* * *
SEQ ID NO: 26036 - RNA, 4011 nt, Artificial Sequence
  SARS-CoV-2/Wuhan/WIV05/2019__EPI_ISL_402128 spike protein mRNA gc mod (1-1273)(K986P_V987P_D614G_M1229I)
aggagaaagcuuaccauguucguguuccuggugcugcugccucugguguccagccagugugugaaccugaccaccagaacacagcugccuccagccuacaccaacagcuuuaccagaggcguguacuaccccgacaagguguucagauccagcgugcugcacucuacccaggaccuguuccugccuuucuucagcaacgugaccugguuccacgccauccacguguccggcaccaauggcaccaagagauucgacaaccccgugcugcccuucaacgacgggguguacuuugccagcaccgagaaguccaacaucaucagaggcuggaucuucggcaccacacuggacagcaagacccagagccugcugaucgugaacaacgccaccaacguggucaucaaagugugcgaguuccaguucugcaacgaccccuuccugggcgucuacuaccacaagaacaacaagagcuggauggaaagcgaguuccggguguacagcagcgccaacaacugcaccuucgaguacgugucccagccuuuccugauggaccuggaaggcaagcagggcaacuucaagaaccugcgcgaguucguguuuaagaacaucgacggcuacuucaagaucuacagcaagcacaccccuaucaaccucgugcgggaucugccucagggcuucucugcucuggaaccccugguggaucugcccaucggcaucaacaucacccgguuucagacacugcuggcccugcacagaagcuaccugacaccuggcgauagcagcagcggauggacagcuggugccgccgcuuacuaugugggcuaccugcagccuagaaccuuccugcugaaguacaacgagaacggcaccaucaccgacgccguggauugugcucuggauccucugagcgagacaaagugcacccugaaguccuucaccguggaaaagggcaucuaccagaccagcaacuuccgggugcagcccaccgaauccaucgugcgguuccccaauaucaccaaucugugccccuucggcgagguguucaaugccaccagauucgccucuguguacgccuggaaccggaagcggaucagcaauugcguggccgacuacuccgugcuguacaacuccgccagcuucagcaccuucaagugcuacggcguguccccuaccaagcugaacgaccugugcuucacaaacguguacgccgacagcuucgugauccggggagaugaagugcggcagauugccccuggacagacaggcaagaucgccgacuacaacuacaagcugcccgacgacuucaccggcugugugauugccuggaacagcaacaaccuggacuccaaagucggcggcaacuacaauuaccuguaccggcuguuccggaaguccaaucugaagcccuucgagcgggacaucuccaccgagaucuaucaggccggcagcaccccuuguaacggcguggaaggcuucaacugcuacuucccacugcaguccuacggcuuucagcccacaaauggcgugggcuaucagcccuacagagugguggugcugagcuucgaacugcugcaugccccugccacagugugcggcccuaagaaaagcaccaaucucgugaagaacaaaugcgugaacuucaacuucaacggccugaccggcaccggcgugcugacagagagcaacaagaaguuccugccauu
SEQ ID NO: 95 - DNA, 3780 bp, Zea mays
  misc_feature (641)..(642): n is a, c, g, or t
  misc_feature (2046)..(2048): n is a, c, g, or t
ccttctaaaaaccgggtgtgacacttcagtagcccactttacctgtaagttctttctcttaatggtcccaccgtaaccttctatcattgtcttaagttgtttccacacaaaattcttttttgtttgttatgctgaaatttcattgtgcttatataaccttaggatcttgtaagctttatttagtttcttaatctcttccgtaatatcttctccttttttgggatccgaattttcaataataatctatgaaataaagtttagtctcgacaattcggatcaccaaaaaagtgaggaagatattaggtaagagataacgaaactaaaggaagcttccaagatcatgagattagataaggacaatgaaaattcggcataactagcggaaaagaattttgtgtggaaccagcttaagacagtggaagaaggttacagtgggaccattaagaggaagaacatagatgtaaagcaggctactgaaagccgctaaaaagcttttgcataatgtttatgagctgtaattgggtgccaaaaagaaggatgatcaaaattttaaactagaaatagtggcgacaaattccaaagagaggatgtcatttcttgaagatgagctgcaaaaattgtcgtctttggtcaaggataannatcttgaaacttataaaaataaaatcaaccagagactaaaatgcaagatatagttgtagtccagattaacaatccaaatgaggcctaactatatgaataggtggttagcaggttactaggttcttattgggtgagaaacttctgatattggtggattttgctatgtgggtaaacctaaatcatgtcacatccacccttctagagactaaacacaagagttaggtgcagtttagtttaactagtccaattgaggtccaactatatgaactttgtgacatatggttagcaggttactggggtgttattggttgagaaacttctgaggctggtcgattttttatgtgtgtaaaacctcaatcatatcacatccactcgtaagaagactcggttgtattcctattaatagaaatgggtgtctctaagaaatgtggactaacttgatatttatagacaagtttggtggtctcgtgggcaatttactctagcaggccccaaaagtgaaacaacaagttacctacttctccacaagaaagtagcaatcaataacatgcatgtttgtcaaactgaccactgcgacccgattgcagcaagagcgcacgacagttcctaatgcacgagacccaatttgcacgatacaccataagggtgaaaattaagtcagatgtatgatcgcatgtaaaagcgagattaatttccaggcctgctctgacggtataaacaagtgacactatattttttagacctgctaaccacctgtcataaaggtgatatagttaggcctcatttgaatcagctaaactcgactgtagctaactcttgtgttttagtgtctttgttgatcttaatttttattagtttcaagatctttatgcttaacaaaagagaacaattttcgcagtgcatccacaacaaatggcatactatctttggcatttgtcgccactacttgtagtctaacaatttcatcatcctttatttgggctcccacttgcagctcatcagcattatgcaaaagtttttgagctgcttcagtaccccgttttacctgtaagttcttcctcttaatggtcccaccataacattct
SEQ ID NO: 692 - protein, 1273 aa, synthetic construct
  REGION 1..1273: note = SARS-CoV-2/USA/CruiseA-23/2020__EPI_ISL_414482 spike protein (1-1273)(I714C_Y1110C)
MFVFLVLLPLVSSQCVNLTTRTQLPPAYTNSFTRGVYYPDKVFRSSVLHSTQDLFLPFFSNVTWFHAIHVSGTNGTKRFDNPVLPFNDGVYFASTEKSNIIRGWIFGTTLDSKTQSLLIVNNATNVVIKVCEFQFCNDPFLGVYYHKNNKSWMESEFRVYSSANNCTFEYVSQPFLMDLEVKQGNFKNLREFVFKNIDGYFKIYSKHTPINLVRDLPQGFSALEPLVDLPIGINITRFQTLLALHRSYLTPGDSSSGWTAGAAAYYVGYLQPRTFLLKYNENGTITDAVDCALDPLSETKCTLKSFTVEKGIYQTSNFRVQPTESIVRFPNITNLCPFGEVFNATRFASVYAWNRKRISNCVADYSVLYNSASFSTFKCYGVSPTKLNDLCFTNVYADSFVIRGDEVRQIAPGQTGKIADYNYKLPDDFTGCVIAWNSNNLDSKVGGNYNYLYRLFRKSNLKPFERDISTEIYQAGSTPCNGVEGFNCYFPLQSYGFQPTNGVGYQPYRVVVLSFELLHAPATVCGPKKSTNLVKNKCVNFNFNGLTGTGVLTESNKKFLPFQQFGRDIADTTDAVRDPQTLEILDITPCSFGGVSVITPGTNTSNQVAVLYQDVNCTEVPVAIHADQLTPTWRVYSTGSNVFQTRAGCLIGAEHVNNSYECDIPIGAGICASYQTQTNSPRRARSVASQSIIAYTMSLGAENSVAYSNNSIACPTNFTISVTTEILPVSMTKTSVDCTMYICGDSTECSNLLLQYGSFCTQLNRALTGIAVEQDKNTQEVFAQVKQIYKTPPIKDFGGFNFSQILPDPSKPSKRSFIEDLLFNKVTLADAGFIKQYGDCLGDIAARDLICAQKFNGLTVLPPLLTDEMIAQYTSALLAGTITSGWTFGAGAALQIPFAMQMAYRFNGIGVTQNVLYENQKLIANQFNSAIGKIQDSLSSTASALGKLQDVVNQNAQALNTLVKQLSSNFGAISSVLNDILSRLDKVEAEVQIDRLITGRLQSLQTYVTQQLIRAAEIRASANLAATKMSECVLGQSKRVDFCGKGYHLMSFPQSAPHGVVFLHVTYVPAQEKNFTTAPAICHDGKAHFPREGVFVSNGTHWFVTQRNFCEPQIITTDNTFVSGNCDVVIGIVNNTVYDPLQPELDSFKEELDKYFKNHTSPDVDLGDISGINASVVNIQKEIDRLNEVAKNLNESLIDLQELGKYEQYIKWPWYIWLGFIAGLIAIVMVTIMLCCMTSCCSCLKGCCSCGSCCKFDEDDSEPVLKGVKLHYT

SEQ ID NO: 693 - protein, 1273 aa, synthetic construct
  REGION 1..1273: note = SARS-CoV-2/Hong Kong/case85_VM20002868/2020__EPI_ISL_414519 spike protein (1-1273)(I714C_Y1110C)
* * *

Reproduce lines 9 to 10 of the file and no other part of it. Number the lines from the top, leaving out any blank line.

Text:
  REGION 1..1273: note = SARS-CoV-2/USA/CruiseA-23/2020__EPI_ISL_414482 spike protein (1-1273)(I714C_Y1110C)
MFVFLVLLPLVSSQCVNLTTRTQLPPAYTNSFTRGVYYPDKVFRSSVLHSTQDLFLPFFSNVTWFHAIHVSGTNGTKRFDNPVLPFNDGVYFASTEKSNIIRGWIFGTTLDSKTQSLLIVNNATNVVIKVCEFQFCNDPFLGVYYHKNNKSWMESEFRVYSSANNCTFEYVSQPFLMDLEVKQGNFKNLREFVFKNIDGYFKIYSKHTPINLVRDLPQGFSALEPLVDLPIGINITRFQTLLALHRSYLTPGDSSSGWTAGAAAYYVGYLQPRTFLLKYNENGTITDAVDCALDPLSETKCTLKSFTVEKGIYQTSNFRVQPTESIVRFPNITNLCPFGEVFNATRFASVYAWNRKRISNCVADYSVLYNSASFSTFKCYGVSPTKLNDLCFTNVYADSFVIRGDEVRQIAPGQTGKIADYNYKLPDDFTGCVIAWNSNNLDSKVGGNYNYLYRLFRKSNLKPFERDISTEIYQAGSTPCNGVEGFNCYFPLQSYGFQPTNGVGYQPYRVVVLSFELLHAPATVCGPKKSTNLVKNKCVNFNFNGLTGTGVLTESNKKFLPFQQFGRDIADTTDAVRDPQTLEILDITPCSFGGVSVITPGTNTSNQVAVLYQDVNCTEVPVAIHADQLTPTWRVYSTGSNVFQTRAGCLIGAEHVNNSYECDIPIGAGICASYQTQTNSPRRARSVASQSIIAYTMSLGAENSVAYSNNSIACPTNFTISVTTEILPVSMTKTSVDCTMYICGDSTECSNLLLQYGSFCTQLNRALTGIAVEQDKNTQEVFAQVKQIYKTPPIKDFGGFNFSQILPDPSKPSKRSFIEDLLFNKVTLADAGFIKQYGDCLGDIAARDLICAQKFNGLTVLPPLLTDEMIAQYTSALLAGTITSGWTFGAGAALQIPFAMQMAYRFNGIGVTQNVLYENQKLIANQFNSAIGKIQDSLSSTASALGKLQDVVNQNAQALNTLVKQLSSNFGAISSVLNDILSRLDKVEAEVQIDRLITGRLQSLQTYVTQQLIRAAEIRASANLAATKMSECVLGQSKRVDFCGKGYHLMSFPQSAPHGVVFLHVTYVPAQEKNFTTAPAICHDGKAHFPREGVFVSNGTHWFVTQRNFCEPQIITTDNTFVSGNCDVVIGIVNNTVYDPLQPELDSFKEELDKYFKNHTSPDVDLGDISGINASVVNIQKEIDRLNEVAKNLNESLIDLQELGKYEQYIKWPWYIWLGFIAGLIAIVMVTIMLCCMTSCCSCLKGCCSCGSCCKFDEDDSEPVLKGVKLHYT